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The insulin-like growth factor-I receptor and its role in thyroid-associated ophthalmopathy

Eyevolume 33pages200205 (2019) | Download Citation



Thyroid-associated ophthalmopathy (TAO), an autoimmune component of Graves’ disease, remains a disfiguring and potentially blinding condition. Here, the author reviews the role of insulin-like growth factor-I receptor pathway in TAO and how it might be therapeutically targeted.


The recent literature is reviewed.


TAO involves reactivity of orbital connective tissues and their remodeling. While many of the details concerning the pathogenesis of TAO remain to be determined, several insights have come to light recently. Among them is the apparent involvement of IGF-IR. This receptor protein, a membrane-spanning tyrosine kinase receptor can form both physical and functional complexes with the thyrotropin receptor (TSHR). This is notable because TSHR is the established primary autoantigen in Graves’ disease. IGF-IR activity is critical to signaling downstream from both IGF-IR and TSHR. In addition, antibodies against IGF-IR have been detected in patients with Graves’ disease and in rodent models of TAO. Evidence has been put forward that these antibodies may act directly on IGF-IR, perhaps in some manner activating the receptor. These experimental observations have led to the development of a novel therapy for active TAO, utilizing a monoclonal anti-IGF-IR inhibitory antibody which had been produced originally as treatment for cancer. The agent, teprotumumab was recently evaluated in a clinical trial and found to be highly effective and relatively well-tolerated. It is currently undergoing assessment in a follow-up trial.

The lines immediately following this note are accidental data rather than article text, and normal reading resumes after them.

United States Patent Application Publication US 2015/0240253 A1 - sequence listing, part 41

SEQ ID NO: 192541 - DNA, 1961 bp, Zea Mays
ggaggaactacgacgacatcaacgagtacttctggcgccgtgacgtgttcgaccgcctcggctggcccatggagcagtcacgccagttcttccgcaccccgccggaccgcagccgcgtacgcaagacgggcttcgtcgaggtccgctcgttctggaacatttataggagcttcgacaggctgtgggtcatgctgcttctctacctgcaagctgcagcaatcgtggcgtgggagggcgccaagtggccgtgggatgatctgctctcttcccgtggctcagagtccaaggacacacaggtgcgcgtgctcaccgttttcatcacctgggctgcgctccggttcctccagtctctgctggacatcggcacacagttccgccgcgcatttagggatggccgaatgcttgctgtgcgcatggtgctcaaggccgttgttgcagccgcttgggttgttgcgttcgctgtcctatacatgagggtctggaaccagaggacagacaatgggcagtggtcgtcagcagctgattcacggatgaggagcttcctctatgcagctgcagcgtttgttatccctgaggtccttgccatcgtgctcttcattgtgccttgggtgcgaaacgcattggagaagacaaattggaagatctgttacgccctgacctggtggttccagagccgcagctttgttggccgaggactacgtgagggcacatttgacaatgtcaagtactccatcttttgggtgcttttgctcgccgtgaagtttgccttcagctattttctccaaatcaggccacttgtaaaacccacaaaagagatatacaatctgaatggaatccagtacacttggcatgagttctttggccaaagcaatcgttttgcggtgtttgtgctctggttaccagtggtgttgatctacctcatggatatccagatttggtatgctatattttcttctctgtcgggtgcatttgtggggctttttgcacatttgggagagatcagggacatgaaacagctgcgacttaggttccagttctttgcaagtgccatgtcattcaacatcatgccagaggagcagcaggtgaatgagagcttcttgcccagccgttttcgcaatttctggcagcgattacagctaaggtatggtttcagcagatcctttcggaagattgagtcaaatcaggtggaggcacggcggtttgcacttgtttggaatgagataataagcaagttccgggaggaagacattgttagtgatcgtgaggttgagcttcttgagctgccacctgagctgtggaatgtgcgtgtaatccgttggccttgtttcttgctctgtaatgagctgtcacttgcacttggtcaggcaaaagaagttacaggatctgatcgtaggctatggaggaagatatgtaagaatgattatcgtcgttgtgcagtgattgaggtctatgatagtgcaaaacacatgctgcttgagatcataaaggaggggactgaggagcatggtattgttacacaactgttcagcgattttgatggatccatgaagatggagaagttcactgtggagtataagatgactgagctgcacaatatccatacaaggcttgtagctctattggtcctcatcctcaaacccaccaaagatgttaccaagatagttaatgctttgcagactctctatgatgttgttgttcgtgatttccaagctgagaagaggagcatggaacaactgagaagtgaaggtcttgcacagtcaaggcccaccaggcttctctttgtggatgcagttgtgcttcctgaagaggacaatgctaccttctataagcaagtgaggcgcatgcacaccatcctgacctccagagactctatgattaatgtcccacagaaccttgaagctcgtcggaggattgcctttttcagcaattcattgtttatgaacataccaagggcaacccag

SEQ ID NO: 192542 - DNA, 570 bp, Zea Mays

Should the current study yield similarly encouraging results, it is possible that teprotumumab will emerge as a paradigm-shifting medical therapy for TAO.

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These studies were supported in part by grant EY08976 from the National Institutes of Health and Core Center for Research grant EY007003 from the National Eye Institute. The author is grateful to Leslie Bordine for her expert assistance in the preparation of this manuscript.

Author information


  1. Department of Ophthalmology and Visual Sciences, Kellogg Eye Center, University of Michigan Medical School, Ann Arbor, MI, 48105, USA

    • Terry J. Smith
  2. Division of Metabolism, Endocrinology and Diabetes, Department of Internal Medicine, University of Michigan Medical School, Ann Arbor, MI, 48105, USA

    • Terry J. Smith


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Conflict of interest

The author has been issued patents covering his invention of using IGF-I receptor inhibition as a therapy for Graves’ disease, TAO, and other autoimmune diseases. These are held by the Los Angeles Biomedical Institute and the UCLA School of Medicine.

Corresponding author

Correspondence to Terry J. Smith.

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